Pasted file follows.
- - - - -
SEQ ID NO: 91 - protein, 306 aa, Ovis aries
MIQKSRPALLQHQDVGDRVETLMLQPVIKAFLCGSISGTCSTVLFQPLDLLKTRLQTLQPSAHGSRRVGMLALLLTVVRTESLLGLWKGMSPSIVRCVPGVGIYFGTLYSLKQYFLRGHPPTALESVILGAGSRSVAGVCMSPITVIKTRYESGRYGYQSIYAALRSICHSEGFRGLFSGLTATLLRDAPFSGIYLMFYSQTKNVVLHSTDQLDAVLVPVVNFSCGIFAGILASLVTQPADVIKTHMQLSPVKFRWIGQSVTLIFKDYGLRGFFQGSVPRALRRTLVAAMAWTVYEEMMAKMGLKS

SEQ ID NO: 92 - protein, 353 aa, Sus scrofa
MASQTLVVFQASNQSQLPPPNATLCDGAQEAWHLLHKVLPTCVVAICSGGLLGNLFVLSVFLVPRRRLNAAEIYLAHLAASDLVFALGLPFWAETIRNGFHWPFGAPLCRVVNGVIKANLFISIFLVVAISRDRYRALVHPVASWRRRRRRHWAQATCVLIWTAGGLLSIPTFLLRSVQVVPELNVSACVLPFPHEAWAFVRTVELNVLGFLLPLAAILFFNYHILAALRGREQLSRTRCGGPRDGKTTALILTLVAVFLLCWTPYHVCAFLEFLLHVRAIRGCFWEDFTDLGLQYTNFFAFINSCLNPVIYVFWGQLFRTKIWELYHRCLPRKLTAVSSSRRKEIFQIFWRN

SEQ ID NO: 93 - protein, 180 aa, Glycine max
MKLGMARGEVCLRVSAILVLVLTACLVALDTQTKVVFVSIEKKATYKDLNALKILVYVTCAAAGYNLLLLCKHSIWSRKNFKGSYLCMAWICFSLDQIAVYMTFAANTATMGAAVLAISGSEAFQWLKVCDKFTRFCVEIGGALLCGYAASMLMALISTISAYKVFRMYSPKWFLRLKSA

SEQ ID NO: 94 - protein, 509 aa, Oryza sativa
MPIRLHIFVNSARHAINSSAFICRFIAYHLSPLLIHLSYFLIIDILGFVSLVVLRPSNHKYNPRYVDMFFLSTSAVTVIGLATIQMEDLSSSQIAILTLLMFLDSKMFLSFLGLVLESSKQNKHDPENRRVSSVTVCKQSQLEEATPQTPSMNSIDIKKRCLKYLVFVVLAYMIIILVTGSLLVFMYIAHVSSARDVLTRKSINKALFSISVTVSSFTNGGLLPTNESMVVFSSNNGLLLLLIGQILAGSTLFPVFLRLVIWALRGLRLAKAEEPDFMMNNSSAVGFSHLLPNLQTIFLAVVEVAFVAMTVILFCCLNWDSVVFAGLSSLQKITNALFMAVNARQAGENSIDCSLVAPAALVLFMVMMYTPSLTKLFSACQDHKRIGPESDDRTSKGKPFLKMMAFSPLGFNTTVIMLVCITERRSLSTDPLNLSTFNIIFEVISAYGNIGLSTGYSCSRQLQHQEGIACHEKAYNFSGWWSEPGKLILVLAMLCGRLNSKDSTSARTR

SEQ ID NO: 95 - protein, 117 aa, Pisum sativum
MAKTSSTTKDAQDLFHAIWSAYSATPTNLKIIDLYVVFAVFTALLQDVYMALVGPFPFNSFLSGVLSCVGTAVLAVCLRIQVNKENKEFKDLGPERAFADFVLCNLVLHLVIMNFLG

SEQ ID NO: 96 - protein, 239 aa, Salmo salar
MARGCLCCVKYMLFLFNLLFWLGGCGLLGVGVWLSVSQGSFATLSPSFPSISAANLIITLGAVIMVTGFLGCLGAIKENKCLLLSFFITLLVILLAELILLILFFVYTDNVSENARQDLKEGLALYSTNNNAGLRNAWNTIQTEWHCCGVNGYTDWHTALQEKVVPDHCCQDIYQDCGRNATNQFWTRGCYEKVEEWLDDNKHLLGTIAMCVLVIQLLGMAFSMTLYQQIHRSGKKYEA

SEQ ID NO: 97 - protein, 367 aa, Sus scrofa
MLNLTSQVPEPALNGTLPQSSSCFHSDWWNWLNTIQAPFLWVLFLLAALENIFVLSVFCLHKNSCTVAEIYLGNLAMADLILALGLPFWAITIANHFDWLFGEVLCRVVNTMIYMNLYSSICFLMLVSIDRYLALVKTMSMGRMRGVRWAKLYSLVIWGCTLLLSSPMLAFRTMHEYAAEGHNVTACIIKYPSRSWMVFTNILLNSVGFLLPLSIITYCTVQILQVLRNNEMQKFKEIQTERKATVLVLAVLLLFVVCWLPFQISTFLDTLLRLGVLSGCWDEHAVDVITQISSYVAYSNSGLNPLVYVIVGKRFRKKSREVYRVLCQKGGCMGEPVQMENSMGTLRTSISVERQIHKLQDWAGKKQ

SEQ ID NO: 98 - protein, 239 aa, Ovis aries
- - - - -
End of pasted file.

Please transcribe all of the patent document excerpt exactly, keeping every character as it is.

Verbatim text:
SEQ ID NO: 91 - protein, 306 aa, Ovis aries
MIQKSRPALLQHQDVGDRVETLMLQPVIKAFLCGSISGTCSTVLFQPLDLLKTRLQTLQPSAHGSRRVGMLALLLTVVRTESLLGLWKGMSPSIVRCVPGVGIYFGTLYSLKQYFLRGHPPTALESVILGAGSRSVAGVCMSPITVIKTRYESGRYGYQSIYAALRSICHSEGFRGLFSGLTATLLRDAPFSGIYLMFYSQTKNVVLHSTDQLDAVLVPVVNFSCGIFAGILASLVTQPADVIKTHMQLSPVKFRWIGQSVTLIFKDYGLRGFFQGSVPRALRRTLVAAMAWTVYEEMMAKMGLKS

SEQ ID NO: 92 - protein, 353 aa, Sus scrofa
MASQTLVVFQASNQSQLPPPNATLCDGAQEAWHLLHKVLPTCVVAICSGGLLGNLFVLSVFLVPRRRLNAAEIYLAHLAASDLVFALGLPFWAETIRNGFHWPFGAPLCRVVNGVIKANLFISIFLVVAISRDRYRALVHPVASWRRRRRRHWAQATCVLIWTAGGLLSIPTFLLRSVQVVPELNVSACVLPFPHEAWAFVRTVELNVLGFLLPLAAILFFNYHILAALRGREQLSRTRCGGPRDGKTTALILTLVAVFLLCWTPYHVCAFLEFLLHVRAIRGCFWEDFTDLGLQYTNFFAFINSCLNPVIYVFWGQLFRTKIWELYHRCLPRKLTAVSSSRRKEIFQIFWRN

SEQ ID NO: 93 - protein, 180 aa, Glycine max
MKLGMARGEVCLRVSAILVLVLTACLVALDTQTKVVFVSIEKKATYKDLNALKILVYVTCAAAGYNLLLLCKHSIWSRKNFKGSYLCMAWICFSLDQIAVYMTFAANTATMGAAVLAISGSEAFQWLKVCDKFTRFCVEIGGALLCGYAASMLMALISTISAYKVFRMYSPKWFLRLKSA

SEQ ID NO: 94 - protein, 509 aa, Oryza sativa
MPIRLHIFVNSARHAINSSAFICRFIAYHLSPLLIHLSYFLIIDILGFVSLVVLRPSNHKYNPRYVDMFFLSTSAVTVIGLATIQMEDLSSSQIAILTLLMFLDSKMFLSFLGLVLESSKQNKHDPENRRVSSVTVCKQSQLEEATPQTPSMNSIDIKKRCLKYLVFVVLAYMIIILVTGSLLVFMYIAHVSSARDVLTRKSINKALFSISVTVSSFTNGGLLPTNESMVVFSSNNGLLLLLIGQILAGSTLFPVFLRLVIWALRGLRLAKAEEPDFMMNNSSAVGFSHLLPNLQTIFLAVVEVAFVAMTVILFCCLNWDSVVFAGLSSLQKITNALFMAVNARQAGENSIDCSLVAPAALVLFMVMMYTPSLTKLFSACQDHKRIGPESDDRTSKGKPFLKMMAFSPLGFNTTVIMLVCITERRSLSTDPLNLSTFNIIFEVISAYGNIGLSTGYSCSRQLQHQEGIACHEKAYNFSGWWSEPGKLILVLAMLCGRLNSKDSTSARTR

SEQ ID NO: 95 - protein, 117 aa, Pisum sativum
MAKTSSTTKDAQDLFHAIWSAYSATPTNLKIIDLYVVFAVFTALLQDVYMALVGPFPFNSFLSGVLSCVGTAVLAVCLRIQVNKENKEFKDLGPERAFADFVLCNLVLHLVIMNFLG

SEQ ID NO: 96 - protein, 239 aa, Salmo salar
MARGCLCCVKYMLFLFNLLFWLGGCGLLGVGVWLSVSQGSFATLSPSFPSISAANLIITLGAVIMVTGFLGCLGAIKENKCLLLSFFITLLVILLAELILLILFFVYTDNVSENARQDLKEGLALYSTNNNAGLRNAWNTIQTEWHCCGVNGYTDWHTALQEKVVPDHCCQDIYQDCGRNATNQFWTRGCYEKVEEWLDDNKHLLGTIAMCVLVIQLLGMAFSMTLYQQIHRSGKKYEA

SEQ ID NO: 97 - protein, 367 aa, Sus scrofa
MLNLTSQVPEPALNGTLPQSSSCFHSDWWNWLNTIQAPFLWVLFLLAALENIFVLSVFCLHKNSCTVAEIYLGNLAMADLILALGLPFWAITIANHFDWLFGEVLCRVVNTMIYMNLYSSICFLMLVSIDRYLALVKTMSMGRMRGVRWAKLYSLVIWGCTLLLSSPMLAFRTMHEYAAEGHNVTACIIKYPSRSWMVFTNILLNSVGFLLPLSIITYCTVQILQVLRNNEMQKFKEIQTERKATVLVLAVLLLFVVCWLPFQISTFLDTLLRLGVLSGCWDEHAVDVITQISSYVAYSNSGLNPLVYVIVGKRFRKKSREVYRVLCQKGGCMGEPVQMENSMGTLRTSISVERQIHKLQDWAGKKQ

SEQ ID NO: 98 - protein, 239 aa, Ovis aries